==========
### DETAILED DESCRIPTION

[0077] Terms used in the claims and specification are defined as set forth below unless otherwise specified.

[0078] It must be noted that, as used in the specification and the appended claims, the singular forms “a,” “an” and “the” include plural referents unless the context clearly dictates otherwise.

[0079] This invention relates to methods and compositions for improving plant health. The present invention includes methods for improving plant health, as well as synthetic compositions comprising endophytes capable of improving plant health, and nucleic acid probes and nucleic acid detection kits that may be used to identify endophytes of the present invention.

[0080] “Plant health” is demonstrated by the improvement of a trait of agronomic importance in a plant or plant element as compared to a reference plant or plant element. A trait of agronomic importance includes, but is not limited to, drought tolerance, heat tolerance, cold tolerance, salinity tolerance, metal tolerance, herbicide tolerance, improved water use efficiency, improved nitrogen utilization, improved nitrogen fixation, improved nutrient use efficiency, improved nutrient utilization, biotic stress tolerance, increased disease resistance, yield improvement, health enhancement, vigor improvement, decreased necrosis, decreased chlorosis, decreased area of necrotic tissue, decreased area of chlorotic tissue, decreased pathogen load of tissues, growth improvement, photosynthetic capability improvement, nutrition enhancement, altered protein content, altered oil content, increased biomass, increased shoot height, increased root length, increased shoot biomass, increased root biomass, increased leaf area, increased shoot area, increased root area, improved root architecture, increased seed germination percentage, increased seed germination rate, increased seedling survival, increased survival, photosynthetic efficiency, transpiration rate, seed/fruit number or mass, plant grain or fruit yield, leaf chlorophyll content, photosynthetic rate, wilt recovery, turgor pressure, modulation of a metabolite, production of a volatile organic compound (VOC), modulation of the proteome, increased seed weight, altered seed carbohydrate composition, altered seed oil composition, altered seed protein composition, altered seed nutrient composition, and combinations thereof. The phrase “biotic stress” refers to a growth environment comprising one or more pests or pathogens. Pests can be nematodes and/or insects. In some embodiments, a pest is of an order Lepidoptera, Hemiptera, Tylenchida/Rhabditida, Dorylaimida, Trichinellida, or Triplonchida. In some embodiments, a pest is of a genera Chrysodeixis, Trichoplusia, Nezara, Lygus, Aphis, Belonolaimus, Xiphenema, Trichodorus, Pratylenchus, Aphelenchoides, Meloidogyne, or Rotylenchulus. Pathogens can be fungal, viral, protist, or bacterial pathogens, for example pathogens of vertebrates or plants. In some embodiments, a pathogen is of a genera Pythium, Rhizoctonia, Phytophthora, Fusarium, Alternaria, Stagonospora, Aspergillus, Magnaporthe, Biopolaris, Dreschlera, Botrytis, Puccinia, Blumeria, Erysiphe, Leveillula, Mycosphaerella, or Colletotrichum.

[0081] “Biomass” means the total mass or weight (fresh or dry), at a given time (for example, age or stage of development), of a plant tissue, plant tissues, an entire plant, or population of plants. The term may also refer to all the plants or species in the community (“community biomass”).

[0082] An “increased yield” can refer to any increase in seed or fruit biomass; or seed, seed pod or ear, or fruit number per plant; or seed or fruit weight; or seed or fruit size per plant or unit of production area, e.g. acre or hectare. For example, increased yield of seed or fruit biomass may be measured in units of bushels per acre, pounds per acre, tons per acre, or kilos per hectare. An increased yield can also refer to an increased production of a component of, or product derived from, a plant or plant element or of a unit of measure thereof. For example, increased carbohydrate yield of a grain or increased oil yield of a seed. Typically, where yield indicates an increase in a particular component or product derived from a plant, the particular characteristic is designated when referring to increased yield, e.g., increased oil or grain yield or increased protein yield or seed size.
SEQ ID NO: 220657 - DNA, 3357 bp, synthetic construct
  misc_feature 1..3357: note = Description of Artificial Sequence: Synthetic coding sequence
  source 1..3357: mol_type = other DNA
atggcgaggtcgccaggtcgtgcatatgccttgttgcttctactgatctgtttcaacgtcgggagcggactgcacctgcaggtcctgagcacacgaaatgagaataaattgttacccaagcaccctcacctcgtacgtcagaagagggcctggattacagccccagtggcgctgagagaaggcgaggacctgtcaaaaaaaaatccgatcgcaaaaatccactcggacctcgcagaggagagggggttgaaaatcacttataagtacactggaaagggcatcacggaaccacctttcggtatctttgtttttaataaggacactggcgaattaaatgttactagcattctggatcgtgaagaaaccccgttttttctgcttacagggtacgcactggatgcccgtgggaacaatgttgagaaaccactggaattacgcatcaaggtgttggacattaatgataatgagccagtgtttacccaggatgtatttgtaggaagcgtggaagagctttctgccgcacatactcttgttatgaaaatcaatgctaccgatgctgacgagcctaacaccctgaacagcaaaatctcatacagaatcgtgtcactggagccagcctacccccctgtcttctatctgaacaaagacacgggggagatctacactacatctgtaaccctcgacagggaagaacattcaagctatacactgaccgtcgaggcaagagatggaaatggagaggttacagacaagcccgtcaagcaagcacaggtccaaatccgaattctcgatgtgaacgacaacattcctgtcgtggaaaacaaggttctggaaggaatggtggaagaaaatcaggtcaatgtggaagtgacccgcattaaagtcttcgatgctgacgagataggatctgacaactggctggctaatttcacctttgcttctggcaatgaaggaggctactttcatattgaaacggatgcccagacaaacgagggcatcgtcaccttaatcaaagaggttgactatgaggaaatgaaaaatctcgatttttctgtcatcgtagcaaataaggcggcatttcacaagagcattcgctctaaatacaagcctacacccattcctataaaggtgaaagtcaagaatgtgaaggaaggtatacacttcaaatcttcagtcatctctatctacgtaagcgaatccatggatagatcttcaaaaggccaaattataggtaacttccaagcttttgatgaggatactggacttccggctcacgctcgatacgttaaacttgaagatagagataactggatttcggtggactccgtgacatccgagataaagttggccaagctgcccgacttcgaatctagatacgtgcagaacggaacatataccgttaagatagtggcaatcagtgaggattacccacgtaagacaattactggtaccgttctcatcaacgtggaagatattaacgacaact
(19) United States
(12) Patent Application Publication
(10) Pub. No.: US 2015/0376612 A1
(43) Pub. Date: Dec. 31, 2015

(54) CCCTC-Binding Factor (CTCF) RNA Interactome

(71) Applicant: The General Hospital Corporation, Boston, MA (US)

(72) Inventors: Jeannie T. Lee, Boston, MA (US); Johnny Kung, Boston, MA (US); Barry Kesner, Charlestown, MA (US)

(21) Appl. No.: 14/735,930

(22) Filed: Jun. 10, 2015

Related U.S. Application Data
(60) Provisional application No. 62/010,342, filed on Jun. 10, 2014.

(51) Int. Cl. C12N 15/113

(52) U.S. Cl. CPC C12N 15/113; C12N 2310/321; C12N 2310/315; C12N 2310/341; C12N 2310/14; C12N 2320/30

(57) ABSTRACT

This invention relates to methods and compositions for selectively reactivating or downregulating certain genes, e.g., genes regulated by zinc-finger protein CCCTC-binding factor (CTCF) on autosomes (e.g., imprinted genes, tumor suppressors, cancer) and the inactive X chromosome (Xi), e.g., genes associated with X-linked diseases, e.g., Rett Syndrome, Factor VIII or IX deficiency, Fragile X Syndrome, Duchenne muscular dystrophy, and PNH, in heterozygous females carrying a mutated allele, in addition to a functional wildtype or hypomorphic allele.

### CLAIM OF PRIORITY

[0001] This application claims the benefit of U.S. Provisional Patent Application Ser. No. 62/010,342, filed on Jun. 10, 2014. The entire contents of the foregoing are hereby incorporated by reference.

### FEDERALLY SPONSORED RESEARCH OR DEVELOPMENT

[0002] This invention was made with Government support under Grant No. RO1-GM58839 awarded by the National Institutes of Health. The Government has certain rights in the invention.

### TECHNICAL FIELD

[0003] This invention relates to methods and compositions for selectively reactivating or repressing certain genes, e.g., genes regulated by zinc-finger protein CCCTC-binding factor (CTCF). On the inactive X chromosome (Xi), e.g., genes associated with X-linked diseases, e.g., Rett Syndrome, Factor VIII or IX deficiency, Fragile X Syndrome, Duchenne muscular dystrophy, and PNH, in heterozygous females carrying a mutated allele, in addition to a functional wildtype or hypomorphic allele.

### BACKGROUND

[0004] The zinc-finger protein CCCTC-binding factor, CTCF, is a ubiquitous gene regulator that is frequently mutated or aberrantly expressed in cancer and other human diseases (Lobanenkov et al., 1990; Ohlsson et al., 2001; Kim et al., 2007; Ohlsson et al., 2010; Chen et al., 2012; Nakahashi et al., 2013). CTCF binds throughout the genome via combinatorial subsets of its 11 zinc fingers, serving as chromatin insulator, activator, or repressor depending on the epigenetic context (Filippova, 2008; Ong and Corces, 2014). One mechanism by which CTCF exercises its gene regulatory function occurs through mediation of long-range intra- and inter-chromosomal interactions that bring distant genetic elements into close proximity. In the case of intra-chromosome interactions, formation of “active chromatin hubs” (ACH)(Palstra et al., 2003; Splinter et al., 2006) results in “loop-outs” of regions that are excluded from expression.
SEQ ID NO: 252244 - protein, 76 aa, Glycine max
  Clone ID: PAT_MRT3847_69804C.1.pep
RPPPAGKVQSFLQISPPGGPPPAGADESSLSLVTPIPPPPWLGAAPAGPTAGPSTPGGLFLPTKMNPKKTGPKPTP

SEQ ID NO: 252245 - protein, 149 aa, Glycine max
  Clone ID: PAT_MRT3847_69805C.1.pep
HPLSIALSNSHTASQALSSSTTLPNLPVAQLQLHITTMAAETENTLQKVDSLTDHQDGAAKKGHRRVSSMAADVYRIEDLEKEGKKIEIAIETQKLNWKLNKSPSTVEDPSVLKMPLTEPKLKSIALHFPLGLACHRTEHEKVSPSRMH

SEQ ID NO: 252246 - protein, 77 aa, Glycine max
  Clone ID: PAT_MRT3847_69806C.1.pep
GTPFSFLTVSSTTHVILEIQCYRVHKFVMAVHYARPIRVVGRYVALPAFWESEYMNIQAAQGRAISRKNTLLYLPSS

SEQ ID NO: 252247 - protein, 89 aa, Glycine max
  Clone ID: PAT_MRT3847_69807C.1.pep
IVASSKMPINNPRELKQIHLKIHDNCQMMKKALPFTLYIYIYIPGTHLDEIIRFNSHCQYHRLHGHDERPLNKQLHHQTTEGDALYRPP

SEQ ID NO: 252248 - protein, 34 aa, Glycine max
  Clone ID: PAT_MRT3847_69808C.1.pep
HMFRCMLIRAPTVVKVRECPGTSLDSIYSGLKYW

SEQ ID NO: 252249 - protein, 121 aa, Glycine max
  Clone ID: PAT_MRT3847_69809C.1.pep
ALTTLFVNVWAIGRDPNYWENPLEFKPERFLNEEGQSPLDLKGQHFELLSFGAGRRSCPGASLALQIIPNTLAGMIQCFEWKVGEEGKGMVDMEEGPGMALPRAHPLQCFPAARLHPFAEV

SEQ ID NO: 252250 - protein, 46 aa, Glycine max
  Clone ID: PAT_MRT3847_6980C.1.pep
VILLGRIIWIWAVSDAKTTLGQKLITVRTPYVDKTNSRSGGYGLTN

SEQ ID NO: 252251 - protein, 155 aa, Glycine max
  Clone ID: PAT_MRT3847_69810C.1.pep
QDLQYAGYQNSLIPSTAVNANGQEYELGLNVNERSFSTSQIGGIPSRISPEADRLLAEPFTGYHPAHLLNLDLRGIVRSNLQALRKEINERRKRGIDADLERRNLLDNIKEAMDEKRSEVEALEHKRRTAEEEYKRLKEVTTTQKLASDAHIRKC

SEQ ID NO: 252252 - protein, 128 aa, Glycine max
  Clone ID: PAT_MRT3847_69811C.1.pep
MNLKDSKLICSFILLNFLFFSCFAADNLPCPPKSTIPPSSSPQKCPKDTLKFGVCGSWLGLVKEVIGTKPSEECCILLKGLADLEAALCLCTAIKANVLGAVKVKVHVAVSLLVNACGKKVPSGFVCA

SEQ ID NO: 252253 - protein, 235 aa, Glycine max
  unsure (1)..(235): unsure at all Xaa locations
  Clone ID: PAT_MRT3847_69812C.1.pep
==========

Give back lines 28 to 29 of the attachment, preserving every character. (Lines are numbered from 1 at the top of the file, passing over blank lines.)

[0001] This application claims the benefit of U.S. Provisional Patent Application Ser. No. 62/010,342, filed on Jun. 10, 2014. The entire contents of the foregoing are hereby incorporated by reference.

### FEDERALLY SPONSORED RESEARCH OR DEVELOPMENT